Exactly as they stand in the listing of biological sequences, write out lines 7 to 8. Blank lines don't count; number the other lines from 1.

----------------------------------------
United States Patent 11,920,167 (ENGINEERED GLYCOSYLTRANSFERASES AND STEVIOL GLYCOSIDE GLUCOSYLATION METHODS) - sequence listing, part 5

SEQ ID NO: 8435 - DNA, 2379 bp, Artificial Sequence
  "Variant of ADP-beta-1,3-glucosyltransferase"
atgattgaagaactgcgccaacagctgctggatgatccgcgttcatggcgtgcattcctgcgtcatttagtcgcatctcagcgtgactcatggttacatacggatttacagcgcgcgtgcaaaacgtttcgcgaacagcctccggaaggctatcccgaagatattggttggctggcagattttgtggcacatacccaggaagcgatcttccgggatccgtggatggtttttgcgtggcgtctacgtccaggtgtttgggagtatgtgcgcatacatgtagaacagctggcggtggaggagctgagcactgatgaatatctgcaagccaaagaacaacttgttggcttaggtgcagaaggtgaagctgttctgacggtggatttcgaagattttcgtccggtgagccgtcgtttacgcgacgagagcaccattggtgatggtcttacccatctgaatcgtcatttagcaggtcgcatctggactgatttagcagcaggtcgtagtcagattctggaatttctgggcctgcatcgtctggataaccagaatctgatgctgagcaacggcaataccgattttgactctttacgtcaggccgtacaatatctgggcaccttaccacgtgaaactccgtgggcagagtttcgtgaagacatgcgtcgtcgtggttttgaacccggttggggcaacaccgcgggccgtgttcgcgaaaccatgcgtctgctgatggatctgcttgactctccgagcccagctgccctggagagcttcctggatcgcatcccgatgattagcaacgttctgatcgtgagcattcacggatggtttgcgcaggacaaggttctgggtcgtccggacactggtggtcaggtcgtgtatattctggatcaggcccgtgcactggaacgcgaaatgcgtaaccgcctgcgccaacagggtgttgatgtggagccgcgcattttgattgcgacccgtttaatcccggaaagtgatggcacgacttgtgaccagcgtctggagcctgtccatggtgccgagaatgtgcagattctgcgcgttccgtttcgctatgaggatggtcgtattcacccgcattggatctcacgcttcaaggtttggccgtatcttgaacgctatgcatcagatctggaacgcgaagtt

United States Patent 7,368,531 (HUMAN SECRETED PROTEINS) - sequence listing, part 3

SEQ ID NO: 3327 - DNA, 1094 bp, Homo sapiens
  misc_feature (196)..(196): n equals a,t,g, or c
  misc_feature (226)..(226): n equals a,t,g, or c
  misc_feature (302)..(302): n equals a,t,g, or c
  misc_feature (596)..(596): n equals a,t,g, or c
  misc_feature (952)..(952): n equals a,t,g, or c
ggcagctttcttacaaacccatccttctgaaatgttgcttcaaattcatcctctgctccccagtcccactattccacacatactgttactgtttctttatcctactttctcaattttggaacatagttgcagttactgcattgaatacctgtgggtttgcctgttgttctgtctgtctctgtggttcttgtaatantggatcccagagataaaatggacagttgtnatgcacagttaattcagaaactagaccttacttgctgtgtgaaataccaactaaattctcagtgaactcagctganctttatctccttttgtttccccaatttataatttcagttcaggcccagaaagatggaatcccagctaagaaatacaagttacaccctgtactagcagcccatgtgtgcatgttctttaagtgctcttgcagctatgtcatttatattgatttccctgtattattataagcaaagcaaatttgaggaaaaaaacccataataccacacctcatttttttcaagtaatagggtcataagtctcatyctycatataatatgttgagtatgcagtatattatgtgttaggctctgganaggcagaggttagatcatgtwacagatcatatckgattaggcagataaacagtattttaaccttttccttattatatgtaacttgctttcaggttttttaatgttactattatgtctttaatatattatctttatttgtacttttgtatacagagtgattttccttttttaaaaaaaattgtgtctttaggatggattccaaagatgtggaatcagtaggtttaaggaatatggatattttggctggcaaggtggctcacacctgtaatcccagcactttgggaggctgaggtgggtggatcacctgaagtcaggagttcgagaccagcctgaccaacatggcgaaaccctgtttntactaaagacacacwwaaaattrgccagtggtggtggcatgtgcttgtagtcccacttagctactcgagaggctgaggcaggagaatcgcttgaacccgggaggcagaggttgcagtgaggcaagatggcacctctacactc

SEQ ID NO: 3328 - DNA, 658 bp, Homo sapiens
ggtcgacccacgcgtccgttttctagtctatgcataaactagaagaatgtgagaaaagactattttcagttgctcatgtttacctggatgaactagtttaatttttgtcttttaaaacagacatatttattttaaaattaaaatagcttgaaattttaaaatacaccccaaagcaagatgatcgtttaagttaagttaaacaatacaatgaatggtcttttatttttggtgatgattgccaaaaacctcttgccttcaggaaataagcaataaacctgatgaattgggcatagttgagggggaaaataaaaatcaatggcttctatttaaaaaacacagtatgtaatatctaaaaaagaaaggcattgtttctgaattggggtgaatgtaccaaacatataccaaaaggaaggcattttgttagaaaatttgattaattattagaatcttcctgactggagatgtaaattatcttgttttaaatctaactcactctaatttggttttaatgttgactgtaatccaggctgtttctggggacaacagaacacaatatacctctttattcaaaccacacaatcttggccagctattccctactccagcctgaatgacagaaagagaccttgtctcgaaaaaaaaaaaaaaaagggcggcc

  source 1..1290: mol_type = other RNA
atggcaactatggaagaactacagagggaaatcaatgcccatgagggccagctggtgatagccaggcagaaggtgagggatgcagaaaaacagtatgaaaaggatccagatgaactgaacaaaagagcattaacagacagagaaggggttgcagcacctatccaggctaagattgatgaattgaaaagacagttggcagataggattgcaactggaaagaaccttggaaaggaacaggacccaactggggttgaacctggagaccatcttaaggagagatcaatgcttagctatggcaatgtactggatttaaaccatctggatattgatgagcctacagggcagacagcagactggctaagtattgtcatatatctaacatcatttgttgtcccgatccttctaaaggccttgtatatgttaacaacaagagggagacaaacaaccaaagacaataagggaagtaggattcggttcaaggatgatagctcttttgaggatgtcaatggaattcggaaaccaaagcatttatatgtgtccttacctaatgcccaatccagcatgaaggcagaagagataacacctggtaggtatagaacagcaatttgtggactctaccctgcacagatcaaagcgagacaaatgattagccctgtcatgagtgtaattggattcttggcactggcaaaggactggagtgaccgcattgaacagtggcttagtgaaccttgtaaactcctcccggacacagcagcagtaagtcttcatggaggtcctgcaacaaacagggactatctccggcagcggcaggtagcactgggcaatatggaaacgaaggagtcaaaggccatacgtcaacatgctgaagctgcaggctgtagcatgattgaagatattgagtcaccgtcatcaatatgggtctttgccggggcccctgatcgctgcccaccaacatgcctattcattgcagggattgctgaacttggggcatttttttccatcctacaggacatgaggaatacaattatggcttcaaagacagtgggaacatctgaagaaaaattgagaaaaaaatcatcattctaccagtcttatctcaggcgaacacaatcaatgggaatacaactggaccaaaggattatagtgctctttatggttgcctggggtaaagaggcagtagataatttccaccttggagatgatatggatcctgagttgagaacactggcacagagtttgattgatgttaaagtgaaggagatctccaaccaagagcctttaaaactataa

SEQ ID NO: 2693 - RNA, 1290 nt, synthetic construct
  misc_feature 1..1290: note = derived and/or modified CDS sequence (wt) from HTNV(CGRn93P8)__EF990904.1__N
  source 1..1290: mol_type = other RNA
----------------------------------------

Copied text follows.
  misc_feature (196)..(196): n equals a,t,g, or c
  misc_feature (226)..(226): n equals a,t,g, or c